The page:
Hello Lurkers, it’s time for a brief #introduction. I am raphaël, born in montpellier, studied art in brussels, living in paris. I usually write small systems with code or physical objects, that eventually become instruments, tools, or less functional things. I love cooking without cookbooks and I usually write code the same way. I am a free software user and enthusiast. I teach art and design in various schools and during workshops. I am part of @velvetyne and prepostprint.org. I am currently (04/2021) focused on #sound and #CSS as a #livecoding language, and I still maintain lots of tiny tools that I should list somewhere at some point. Procrastination is part of my creative process and I kind of handle it now. I have a post-punk band called zone and a debian computer called jardin.
Peertube V.S. HTML player
For a web page commission containing videos, I have the choice between hosting the video files on the project’s server with a plain HTML video player or hosting it on a Peertube instance. I wonder what are the downsides of the first. I know Peertube works very well.
I am aware HTML videos can’t adapt their quality according to the client’s bandwidth. Peertube means taking care of an instance or being dependant to an existing one. Anything else?
Job, education, graphic design
HfG Karlsruhe is looking for a graphic design teacher. Very cool school! https://hfg-karlsruhe.de/en/aktuelles/professur-fuer-kommunikationsdesign-und-digitale-praktiken-m-w-d-bes-gr-w3-66/
Please don't preorder/buy a digital edition of the live coding book coming out at the end of Nov on MIT press. It's open access and will be freely available as mobi, epub and pdf. They're also selling digital editions separately (despite us paying an open access subvention with public funds).
The ebooks will be free to download, edit and share under a CC-BY-SA license on their website, but hidden under the 'resources' tab. We're discussing how to make this clearer..
…and by doing so, she fixed an old, annoying bug.
Sometimes I feel like a curmudgeon for sticking to free software tools, and Figma was a hit even among the open source design crowd.
Full solidarity to the design colleagues who will now have enough anxiety about how far their workflows will be screwed.
That said, this is why you can't compromise: there are no "nice" flavors of proprietary software (remember Minecraft).
I played with CSS paint by @grantcuster
In 2016 I made an art installation about keyframes and what is between them. I choose the eyes of the program xeyes as subject for my demonstration. I think I wanted to create a link between software folklore and visual arts, or at least with a public interested in art. I think I failed. https://raphaelbastide.com/huxtable/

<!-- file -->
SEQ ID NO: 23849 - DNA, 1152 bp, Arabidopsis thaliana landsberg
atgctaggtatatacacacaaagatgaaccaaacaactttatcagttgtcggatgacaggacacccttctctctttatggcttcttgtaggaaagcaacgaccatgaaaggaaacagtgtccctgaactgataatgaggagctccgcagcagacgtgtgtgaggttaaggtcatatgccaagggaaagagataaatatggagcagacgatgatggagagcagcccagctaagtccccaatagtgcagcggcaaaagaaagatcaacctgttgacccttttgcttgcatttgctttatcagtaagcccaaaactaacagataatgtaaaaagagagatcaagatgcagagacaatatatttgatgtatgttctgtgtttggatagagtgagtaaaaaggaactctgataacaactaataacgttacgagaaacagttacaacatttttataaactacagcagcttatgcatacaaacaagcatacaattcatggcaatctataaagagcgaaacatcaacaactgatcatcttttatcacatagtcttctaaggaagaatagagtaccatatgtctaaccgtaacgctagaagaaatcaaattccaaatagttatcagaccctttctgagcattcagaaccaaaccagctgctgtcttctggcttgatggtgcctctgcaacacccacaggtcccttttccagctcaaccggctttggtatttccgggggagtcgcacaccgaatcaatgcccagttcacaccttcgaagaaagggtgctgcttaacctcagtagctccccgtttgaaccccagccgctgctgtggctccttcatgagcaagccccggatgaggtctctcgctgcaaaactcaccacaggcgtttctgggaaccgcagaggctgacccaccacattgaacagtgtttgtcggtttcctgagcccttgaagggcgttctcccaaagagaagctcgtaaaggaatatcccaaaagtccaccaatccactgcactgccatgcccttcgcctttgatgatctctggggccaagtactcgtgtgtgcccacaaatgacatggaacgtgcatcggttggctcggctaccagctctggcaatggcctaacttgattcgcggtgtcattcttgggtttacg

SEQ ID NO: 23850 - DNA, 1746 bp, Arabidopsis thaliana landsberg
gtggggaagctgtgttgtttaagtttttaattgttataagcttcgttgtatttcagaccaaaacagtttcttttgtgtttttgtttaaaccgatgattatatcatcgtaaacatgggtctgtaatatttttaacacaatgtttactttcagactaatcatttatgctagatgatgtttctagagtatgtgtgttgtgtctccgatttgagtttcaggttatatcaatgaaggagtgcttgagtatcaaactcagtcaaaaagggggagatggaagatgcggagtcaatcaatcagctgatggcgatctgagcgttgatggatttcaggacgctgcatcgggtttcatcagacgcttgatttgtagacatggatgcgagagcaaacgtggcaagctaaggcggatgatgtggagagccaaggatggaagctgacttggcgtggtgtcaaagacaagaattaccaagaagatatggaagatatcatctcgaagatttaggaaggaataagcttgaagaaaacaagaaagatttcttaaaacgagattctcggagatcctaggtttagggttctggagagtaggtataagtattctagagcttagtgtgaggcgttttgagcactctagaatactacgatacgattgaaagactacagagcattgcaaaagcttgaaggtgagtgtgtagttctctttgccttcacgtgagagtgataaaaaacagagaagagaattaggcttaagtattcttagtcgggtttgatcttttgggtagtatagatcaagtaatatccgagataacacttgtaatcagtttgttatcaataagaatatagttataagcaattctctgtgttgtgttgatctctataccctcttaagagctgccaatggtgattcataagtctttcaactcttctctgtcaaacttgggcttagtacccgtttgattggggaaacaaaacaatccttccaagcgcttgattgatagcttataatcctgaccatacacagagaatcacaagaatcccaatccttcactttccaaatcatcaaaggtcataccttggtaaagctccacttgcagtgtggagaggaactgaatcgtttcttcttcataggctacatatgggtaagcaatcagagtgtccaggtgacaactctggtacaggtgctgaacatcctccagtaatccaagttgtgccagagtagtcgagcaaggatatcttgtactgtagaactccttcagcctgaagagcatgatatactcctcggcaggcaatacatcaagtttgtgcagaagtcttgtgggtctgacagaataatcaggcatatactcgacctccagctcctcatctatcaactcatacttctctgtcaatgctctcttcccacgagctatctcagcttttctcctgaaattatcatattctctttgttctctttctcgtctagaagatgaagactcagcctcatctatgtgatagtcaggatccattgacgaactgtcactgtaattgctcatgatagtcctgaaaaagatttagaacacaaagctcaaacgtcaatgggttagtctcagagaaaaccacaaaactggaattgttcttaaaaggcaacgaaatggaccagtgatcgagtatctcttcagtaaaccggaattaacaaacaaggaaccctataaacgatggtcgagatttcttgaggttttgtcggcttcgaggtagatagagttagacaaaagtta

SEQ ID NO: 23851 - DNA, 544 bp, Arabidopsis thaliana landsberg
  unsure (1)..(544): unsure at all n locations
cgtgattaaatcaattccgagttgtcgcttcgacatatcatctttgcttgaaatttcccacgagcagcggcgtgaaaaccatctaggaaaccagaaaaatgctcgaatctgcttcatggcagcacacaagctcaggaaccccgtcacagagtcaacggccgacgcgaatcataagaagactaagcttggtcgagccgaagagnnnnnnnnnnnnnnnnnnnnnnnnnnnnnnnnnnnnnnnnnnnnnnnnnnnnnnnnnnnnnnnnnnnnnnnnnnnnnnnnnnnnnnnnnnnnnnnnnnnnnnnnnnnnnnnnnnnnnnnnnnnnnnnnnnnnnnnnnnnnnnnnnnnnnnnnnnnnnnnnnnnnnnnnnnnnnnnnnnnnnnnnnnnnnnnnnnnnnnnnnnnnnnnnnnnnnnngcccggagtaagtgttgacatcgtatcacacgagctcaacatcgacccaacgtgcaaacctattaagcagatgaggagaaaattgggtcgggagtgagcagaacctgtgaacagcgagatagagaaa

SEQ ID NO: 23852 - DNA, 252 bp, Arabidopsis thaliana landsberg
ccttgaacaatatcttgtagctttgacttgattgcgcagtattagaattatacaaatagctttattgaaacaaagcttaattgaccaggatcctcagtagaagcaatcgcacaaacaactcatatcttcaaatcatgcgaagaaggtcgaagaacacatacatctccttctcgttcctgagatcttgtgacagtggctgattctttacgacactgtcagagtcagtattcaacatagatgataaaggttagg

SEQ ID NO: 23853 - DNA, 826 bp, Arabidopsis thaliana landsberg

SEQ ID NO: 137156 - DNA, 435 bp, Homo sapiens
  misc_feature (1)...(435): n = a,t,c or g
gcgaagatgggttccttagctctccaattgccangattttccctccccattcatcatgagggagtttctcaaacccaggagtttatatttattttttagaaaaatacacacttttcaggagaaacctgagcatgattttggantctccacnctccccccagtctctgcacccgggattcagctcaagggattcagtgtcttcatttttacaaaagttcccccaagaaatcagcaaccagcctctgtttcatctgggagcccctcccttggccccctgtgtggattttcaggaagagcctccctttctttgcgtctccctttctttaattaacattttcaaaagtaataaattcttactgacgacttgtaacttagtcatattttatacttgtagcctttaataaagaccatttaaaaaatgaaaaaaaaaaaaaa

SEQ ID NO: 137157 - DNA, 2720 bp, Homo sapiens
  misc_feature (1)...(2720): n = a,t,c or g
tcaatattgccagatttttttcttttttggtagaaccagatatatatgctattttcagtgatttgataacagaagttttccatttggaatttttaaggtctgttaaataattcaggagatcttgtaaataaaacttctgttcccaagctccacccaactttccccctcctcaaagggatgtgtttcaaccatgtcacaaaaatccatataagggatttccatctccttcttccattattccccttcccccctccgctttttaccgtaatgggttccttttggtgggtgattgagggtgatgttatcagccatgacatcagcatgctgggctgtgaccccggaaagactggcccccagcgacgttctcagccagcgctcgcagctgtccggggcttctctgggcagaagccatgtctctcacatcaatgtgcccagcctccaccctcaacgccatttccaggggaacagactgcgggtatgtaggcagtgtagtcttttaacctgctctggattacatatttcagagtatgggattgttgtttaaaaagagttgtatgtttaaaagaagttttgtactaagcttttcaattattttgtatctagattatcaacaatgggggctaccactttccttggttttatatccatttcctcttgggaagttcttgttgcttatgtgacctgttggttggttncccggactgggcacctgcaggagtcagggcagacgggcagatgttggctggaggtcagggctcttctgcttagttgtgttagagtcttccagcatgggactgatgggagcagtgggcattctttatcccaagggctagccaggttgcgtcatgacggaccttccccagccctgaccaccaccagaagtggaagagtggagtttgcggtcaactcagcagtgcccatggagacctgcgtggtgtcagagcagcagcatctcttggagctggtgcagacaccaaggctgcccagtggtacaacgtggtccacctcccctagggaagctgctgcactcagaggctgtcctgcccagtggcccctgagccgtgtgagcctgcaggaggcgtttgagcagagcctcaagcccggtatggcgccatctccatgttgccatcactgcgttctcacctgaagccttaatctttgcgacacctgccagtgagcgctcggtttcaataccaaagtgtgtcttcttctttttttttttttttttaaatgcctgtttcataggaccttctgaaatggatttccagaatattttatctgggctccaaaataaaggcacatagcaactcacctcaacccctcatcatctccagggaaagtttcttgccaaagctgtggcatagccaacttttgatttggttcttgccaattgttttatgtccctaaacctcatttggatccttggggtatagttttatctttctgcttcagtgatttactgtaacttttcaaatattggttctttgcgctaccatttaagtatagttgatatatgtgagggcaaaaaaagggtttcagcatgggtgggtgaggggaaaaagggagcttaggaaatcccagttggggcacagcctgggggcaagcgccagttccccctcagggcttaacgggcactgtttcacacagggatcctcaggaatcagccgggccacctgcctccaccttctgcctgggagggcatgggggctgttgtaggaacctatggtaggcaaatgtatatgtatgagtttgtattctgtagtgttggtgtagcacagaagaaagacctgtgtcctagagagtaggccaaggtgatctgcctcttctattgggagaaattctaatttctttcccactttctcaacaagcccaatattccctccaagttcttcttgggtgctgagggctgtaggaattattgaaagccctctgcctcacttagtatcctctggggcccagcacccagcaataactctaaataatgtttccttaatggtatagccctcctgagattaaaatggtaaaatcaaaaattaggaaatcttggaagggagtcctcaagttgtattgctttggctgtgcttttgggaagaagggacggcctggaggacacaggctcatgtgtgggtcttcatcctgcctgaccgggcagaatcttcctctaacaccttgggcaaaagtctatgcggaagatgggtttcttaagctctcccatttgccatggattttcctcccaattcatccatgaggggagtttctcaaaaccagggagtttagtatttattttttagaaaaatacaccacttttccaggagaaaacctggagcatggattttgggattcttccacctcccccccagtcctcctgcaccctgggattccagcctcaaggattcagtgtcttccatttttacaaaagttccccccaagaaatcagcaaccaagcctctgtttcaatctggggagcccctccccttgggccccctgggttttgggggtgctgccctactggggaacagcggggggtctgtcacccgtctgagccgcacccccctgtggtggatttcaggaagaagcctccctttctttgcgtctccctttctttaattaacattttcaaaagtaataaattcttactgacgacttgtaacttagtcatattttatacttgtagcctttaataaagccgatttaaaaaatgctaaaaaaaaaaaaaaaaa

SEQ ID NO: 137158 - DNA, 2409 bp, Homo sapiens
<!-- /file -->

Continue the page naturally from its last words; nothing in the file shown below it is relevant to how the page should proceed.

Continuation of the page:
AI, images, questions
I am wondering if our sensibility to images will change with the rise of AI made imagery. Could it be similar to our relationship to handcrafted object / machine made object? Or maybe something more radical, like a wish for some of us to ignore / ban AI made graphics? That last scenario would require some tagging mechanism. Except DALL-E 2 signature (colored squares in the bottom right corner), I don’t know if any tagging / metadata exists yet.
Wikipedia is not perfect (lack of diversity, moderation…) and it remains a fragile system. Still, I wanted to picture it as a post-human vestige, an artifact invaded by biomorphic figures and spreading typography. My work quickly focused on how to create organic ornaments, affecting the encyclopedia’s interface, its typography, the figures and the Wikipedia logo itself.
Fanzines are defined as “non-official publications produced by enthusiasts of a particular cultural phenomenon”. Now “fanzines” also include niche art publications made within a small economy, close to what artist’s books are, but I wanted to go back to the original role of the fanzine: Fungal is a homage to Wikipedia, one of the greatest website of the World Wide Web. This collaborative encyclopedia is now 21 years old, and I am still fascinated how it changed our relationship to knowledge. It also represents a comforting example of what humanity can do: collaborating voluntarily on the largest knowledge project in our history. I consider Wikipedia being the descendant of Enlightenment’s encyclopédistes and free software movement, and I think such project made by the people, for the people are beautiful remains of the early Web’s utopia.
A fediverse community for discussions around cultural freedom, experimental, new media art, net and computational culture, and things like that.